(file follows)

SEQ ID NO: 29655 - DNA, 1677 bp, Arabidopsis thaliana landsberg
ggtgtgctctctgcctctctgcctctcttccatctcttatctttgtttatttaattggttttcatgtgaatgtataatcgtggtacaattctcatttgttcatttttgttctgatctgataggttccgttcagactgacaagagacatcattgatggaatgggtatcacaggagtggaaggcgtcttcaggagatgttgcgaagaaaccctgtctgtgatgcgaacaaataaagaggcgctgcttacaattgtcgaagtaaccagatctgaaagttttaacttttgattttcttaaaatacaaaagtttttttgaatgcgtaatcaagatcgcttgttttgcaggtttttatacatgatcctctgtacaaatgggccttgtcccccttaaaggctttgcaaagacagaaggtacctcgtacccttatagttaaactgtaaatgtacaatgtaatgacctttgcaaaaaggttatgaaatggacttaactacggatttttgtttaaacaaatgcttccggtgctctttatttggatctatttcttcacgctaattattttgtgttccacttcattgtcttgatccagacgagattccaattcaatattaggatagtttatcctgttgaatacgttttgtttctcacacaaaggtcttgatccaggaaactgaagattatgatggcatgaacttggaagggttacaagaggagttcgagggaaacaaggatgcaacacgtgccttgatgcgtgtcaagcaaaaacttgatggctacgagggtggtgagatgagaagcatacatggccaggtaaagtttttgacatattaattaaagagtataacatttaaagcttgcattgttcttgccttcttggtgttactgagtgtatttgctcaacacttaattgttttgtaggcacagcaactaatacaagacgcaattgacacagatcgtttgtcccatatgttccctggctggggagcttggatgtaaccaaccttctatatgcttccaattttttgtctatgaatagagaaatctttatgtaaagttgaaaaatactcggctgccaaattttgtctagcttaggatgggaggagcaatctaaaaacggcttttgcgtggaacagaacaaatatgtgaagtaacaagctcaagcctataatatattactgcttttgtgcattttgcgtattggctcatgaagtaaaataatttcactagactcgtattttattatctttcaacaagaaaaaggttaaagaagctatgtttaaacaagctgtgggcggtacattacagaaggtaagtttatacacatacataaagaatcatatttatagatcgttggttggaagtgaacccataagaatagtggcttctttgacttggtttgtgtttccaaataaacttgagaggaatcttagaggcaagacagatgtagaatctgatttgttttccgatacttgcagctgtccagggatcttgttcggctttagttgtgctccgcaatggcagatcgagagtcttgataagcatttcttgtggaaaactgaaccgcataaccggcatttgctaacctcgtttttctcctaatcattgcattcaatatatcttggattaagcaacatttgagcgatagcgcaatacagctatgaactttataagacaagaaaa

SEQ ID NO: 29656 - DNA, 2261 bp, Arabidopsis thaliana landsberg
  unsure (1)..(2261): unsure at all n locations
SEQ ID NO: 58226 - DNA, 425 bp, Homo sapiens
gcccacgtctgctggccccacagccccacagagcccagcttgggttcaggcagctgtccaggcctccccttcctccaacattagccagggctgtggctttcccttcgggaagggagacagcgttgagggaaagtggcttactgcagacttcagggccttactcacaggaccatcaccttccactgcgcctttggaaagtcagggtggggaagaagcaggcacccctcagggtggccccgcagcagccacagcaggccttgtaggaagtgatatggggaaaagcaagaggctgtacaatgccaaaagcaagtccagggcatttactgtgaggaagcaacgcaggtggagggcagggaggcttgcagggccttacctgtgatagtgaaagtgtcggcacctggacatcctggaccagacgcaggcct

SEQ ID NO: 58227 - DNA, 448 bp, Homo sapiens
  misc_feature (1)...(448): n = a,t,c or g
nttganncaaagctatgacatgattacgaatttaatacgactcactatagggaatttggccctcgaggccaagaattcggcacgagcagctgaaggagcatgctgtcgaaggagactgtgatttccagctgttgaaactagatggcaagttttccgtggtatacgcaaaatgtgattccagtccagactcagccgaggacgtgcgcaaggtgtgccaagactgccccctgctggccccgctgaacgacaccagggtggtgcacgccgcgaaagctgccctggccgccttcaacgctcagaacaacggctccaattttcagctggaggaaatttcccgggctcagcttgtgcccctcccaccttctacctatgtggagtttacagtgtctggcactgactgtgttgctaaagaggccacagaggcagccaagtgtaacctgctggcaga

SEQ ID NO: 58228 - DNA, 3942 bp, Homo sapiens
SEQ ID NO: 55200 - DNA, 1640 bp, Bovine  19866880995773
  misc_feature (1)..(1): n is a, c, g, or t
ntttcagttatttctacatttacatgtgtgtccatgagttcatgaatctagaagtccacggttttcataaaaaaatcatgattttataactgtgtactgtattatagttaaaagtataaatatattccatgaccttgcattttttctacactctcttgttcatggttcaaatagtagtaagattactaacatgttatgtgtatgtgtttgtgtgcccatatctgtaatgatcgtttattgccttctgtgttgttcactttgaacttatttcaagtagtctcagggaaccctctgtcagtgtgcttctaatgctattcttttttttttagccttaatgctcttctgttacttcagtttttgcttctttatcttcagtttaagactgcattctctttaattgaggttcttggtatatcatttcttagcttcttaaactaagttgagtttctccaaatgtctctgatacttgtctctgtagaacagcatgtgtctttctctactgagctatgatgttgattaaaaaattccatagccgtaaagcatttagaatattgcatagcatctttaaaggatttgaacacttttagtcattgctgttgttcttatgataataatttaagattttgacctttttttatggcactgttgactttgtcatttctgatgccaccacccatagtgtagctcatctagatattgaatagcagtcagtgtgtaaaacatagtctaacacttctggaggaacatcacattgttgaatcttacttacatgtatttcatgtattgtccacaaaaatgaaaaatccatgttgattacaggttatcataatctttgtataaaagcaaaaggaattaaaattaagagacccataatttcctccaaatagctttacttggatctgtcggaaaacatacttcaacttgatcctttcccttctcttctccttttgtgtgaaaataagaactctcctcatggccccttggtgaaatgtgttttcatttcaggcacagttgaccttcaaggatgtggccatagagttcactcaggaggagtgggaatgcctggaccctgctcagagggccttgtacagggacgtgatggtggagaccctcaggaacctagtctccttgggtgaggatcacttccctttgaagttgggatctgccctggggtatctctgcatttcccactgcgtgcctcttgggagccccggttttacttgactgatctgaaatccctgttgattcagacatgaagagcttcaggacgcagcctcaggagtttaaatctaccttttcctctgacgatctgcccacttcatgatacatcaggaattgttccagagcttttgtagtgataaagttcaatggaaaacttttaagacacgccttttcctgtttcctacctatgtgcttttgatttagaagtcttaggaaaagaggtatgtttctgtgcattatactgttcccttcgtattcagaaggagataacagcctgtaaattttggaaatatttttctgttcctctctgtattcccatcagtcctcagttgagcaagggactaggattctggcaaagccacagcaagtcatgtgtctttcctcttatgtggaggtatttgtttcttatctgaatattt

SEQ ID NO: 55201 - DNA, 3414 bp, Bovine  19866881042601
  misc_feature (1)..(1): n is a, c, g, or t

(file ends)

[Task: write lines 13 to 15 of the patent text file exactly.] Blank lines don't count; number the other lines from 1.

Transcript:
ntttcagttatttctacatttacatgtgtgtccatgagttcatgaatctagaagtccacggttttcataaaaaaatcatgattttataactgtgtactgtattatagttaaaagtataaatatattccatgaccttgcattttttctacactctcttgttcatggttcaaatagtagtaagattactaacatgttatgtgtatgtgtttgtgtgcccatatctgtaatgatcgtttattgccttctgtgttgttcactttgaacttatttcaagtagtctcagggaaccctctgtcagtgtgcttctaatgctattcttttttttttagccttaatgctcttctgttacttcagtttttgcttctttatcttcagtttaagactgcattctctttaattgaggttcttggtatatcatttcttagcttcttaaactaagttgagtttctccaaatgtctctgatacttgtctctgtagaacagcatgtgtctttctctactgagctatgatgttgattaaaaaattccatagccgtaaagcatttagaatattgcatagcatctttaaaggatttgaacacttttagtcattgctgttgttcttatgataataatttaagattttgacctttttttatggcactgttgactttgtcatttctgatgccaccacccatagtgtagctcatctagatattgaatagcagtcagtgtgtaaaacatagtctaacacttctggaggaacatcacattgttgaatcttacttacatgtatttcatgtattgtccacaaaaatgaaaaatccatgttgattacaggttatcataatctttgtataaaagcaaaaggaattaaaattaagagacccataatttcctccaaatagctttacttggatctgtcggaaaacatacttcaacttgatcctttcccttctcttctccttttgtgtgaaaataagaactctcctcatggccccttggtgaaatgtgttttcatttcaggcacagttgaccttcaaggatgtggccatagagttcactcaggaggagtgggaatgcctggaccctgctcagagggccttgtacagggacgtgatggtggagaccctcaggaacctagtctccttgggtgaggatcacttccctttgaagttgggatctgccctggggtatctctgcatttcccactgcgtgcctcttgggagccccggttttacttgactgatctgaaatccctgttgattcagacatgaagagcttcaggacgcagcctcaggagtttaaatctaccttttcctctgacgatctgcccacttcatgatacatcaggaattgttccagagcttttgtagtgataaagttcaatggaaaacttttaagacacgccttttcctgtttcctacctatgtgcttttgatttagaagtcttaggaaaagaggtatgtttctgtgcattatactgttcccttcgtattcagaaggagataacagcctgtaaattttggaaatatttttctgttcctctctgtattcccatcagtcctcagttgagcaagggactaggattctggcaaagccacagcaagtcatgtgtctttcctcttatgtggaggtatttgtttcttatctgaatattt

SEQ ID NO: 55201 - DNA, 3414 bp, Bovine  19866881042601
  misc_feature (1)..(1): n is a, c, g, or t